This book is the first comprehensive study and reinterpretation of the unique arts of Teotihuacan, including architecture, sculpture, mural painting, and ceramics. Comparing the arts of Teotihuacan - not previously judged "artistic" - with those of other ancient civilizations, Esther Pasztory demonstrates how they created and reflected the community's ideals. Pasztory argues that, unlike the art of other Mesoamerican groups, the art of Teotihuacan refrains from glorifying rulers because its people wished to create the image of an integrated community. Instead their art glorifies nature and the supernatural and emphasizes egalitarian rather than aristocratic values. Pasztory identifies a great goddess who presided over this construction of civic harmony. Teotihuacan: An Experiment in Living is a portrait of a culture that made no portraits, a reinterpretation of a culture that left no texts interpreting itself. Nineteen color and seventy-seven black-and-white illustrations accompany the text.
WELLS CATHEDRAL - GERMAN
Discover the hidden corners and forgotten crevices of Britain's landscapes, from lost rural treasures to unseen urban gems. Landscapes reflect and shape our behaviour. They make us who we are and bear witness to the shifting patterns of human life over the generations. Bringing to bear a lifetime's digging, archaeologist Francis Pryor delves into Britain's hidden urban and rural landscapes, from Whitby Abbey to the navvy camp at Risehill in Cumbria, from Tintagel to Tottenham's Broadwater Farm. Through fields, woods, moors, roads, tracks and towns, he reveals the stories of our physical surroundings and what they meant to the people who formed them, used them and lived in them. These landscapes, he stresses, are our common physical inheritance. If we can understand how to make them yield up their secrets, it will help us, their guardians, to maintain and shape them for future generations.
The Collins Nature Library is a new series of classic British nature writing - reissues of long-lost seminal works. The titles have been chosen by one of Britain's best known and highly-acclaimed nature writers, Robert Macfarlane, who has also written new introductions that put these classics into a modern context. A Land is Jacquetta Hawkes' seminal work, and a classic piece of British Nature writing. It is the history of the shaping of Britain and its people from the first, lifeless, Pre-Cambrian rocks to the days of the ice-cream carton and the hydrogen bomb. First, as an archaeologist and geologist, Hawkes paints a picture of the creation of Britain from the very first forming of the earth's crust, through periods marked by lifeless worlds of rock, water and air, to the first emergence of life that senses its surroundings. The worms and trilobites mark the beginning of the story of life that evolves through the great reptiles, dinosaurs and finally humans. This is science writing at its very best. Engrossing stories, curious facts and powerful narrative combine under the umbrella of poetic writing and unadulterated passion for the subject. Widely lauded on its publication, this is an exposition of complex science in a way that is not just comprehensible, but also moving.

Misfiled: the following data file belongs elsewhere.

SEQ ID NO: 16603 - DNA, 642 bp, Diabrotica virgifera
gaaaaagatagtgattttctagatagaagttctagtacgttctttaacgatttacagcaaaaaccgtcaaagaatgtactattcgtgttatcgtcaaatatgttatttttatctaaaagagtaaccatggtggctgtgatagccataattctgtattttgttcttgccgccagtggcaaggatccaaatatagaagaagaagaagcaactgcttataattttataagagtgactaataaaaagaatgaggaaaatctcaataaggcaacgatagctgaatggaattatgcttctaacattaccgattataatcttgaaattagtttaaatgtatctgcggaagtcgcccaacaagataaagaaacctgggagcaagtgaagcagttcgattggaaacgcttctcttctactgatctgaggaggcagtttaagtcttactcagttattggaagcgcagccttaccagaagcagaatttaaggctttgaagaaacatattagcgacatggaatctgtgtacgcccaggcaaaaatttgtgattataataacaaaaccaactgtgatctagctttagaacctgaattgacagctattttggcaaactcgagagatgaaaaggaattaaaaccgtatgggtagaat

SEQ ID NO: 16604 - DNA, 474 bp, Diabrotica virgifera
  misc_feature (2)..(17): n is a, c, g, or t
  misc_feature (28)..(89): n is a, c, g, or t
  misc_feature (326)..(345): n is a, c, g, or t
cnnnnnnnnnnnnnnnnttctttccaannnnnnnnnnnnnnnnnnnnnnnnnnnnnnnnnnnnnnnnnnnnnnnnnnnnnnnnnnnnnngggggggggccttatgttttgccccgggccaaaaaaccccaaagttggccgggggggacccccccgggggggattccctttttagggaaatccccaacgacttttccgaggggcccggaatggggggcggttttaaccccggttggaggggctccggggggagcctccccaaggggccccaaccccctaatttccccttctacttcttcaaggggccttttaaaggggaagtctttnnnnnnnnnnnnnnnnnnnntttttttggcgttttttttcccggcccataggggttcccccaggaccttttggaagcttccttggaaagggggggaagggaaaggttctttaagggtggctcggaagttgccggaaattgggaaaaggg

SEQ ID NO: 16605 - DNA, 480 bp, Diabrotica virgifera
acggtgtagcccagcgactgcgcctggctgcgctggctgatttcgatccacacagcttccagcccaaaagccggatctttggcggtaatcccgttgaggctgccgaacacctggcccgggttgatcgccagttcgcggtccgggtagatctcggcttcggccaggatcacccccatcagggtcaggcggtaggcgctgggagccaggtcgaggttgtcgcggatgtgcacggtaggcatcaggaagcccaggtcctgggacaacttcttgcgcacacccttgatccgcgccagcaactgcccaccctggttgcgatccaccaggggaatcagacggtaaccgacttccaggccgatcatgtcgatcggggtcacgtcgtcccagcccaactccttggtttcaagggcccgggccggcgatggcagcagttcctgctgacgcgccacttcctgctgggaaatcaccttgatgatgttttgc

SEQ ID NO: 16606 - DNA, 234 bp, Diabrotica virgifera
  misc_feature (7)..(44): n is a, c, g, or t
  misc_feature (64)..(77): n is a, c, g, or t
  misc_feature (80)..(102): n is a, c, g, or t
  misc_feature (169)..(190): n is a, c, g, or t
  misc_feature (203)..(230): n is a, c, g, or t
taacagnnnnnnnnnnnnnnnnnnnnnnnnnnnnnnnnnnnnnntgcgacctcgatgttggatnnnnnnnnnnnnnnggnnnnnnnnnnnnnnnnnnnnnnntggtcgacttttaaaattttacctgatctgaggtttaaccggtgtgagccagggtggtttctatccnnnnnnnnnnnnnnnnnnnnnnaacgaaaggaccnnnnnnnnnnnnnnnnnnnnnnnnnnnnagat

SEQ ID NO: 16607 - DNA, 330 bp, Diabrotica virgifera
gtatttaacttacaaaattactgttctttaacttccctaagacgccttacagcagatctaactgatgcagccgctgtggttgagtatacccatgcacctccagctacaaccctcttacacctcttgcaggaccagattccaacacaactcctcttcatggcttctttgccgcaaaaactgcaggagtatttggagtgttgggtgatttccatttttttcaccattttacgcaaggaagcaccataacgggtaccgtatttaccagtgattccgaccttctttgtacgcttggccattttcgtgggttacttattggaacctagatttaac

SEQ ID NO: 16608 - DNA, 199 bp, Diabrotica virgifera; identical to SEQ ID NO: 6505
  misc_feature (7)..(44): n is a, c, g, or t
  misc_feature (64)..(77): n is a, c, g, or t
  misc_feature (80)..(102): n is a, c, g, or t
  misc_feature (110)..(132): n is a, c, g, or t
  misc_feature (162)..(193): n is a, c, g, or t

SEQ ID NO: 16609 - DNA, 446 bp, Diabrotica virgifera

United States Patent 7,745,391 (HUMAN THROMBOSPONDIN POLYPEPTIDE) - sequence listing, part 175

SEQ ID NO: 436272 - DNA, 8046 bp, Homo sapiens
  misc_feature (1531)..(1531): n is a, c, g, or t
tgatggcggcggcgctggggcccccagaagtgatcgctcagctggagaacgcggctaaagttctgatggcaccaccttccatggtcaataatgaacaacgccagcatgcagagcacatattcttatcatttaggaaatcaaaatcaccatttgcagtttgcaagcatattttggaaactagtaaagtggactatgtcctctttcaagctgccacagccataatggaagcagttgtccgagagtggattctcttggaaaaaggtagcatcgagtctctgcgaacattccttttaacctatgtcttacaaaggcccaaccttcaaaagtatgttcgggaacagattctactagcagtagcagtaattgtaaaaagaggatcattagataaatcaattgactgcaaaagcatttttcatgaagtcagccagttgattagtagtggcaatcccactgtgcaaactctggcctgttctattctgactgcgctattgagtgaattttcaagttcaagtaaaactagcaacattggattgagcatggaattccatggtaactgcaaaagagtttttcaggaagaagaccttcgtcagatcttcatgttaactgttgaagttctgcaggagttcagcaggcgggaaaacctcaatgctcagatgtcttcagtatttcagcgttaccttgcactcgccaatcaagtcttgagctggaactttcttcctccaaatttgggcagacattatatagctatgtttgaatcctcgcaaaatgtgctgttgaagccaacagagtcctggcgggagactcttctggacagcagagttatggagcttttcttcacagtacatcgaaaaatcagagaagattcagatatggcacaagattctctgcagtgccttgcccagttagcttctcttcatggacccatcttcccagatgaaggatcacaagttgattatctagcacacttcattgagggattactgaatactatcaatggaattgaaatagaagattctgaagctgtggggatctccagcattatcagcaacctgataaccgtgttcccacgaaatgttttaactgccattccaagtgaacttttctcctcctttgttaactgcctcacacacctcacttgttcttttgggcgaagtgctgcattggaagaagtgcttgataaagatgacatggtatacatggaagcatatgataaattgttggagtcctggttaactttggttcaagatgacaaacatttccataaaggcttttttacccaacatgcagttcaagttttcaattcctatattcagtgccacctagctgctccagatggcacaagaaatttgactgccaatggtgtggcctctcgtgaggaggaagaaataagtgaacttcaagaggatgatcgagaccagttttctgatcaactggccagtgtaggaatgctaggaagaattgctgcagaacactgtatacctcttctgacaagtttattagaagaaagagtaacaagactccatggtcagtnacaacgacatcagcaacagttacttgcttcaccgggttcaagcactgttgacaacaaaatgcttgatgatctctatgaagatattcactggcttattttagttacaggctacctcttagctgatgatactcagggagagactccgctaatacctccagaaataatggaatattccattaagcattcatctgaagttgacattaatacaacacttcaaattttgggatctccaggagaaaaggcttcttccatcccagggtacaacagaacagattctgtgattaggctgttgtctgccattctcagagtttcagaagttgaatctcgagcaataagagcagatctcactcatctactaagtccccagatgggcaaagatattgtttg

A leading historian reconstructs the forgotten history of medieval Africa From the birth of Islam in the seventh century to the voyages of European exploration in the fifteenth, Africa was at the center of a vibrant exchange of goods and ideas. It was an African golden age in which places like Ghana, Nubia, and Zimbabwe became the crossroads of civilizations, and where African royals, thinkers, and artists played celebrated roles in the globalized world of the Middle Ages. The Golden Rhinoceros brings this unsung era marvelously to life, taking readers from the Sahara and the Nile River Valley to the Ethiopian highlands and southern Africa. Drawing on fragmented written sources as well as his many years of experience as an archaeologist, Fran ois-Xavier Fauvelle painstakingly reconstructs an African past that is too often denied its place in history--but no longer. He looks at ruined cities found in the mangrove, exquisite pieces of art, rare artifacts like the golden rhinoceros of Mapungubwe, ancient maps, and accounts left by geographers and travelers--remarkable discoveries that shed critical light on political and architectural achievements, trade, religious beliefs, diplomatic episodes, and individual lives. A book that finally recognizes Africa's important role in the Middle Ages, The Golden Rhinoceros also provides a window into the historian's craft. Fauvelle carefully pieces together the written and archaeological evidence to tell an unforgettable story that is at once sensitive to Africa's rich social diversity and alert to the trajectories that connected Africa with the wider Muslim and Christian worlds.
You may like...
Archaeology: The Whole Story
Paul Bahn Paperback
Women in Ancient America
Karen Olsen Bruhns, Karen Stothert Paperback R575 Discovery Miles 5 750
Pre-Columbian Art & Archaeology - Essays…
Margaret Young-Sanchez Paperback R582 Discovery Miles 5 820
Three Stones Make a Wall - The Story of…
Eric H. Cline Paperback
Barbarians and Politics at the Court of…
Alan Cameron, Jacqueline Long Paperback
Steve Marshall Paperback
Blick Mead: Exploring the 'first place…
David Jacques Hardcover
Ruins and Follies of East Anglia
Edward Couzens-Lake Paperback
Symeon the Holy Fool - Leontius's Life…
Derek Krueger Paperback
A Guide to Ancient Maya Ruins
C.Bruce Hunter Paperback R462 Discovery Miles 4 620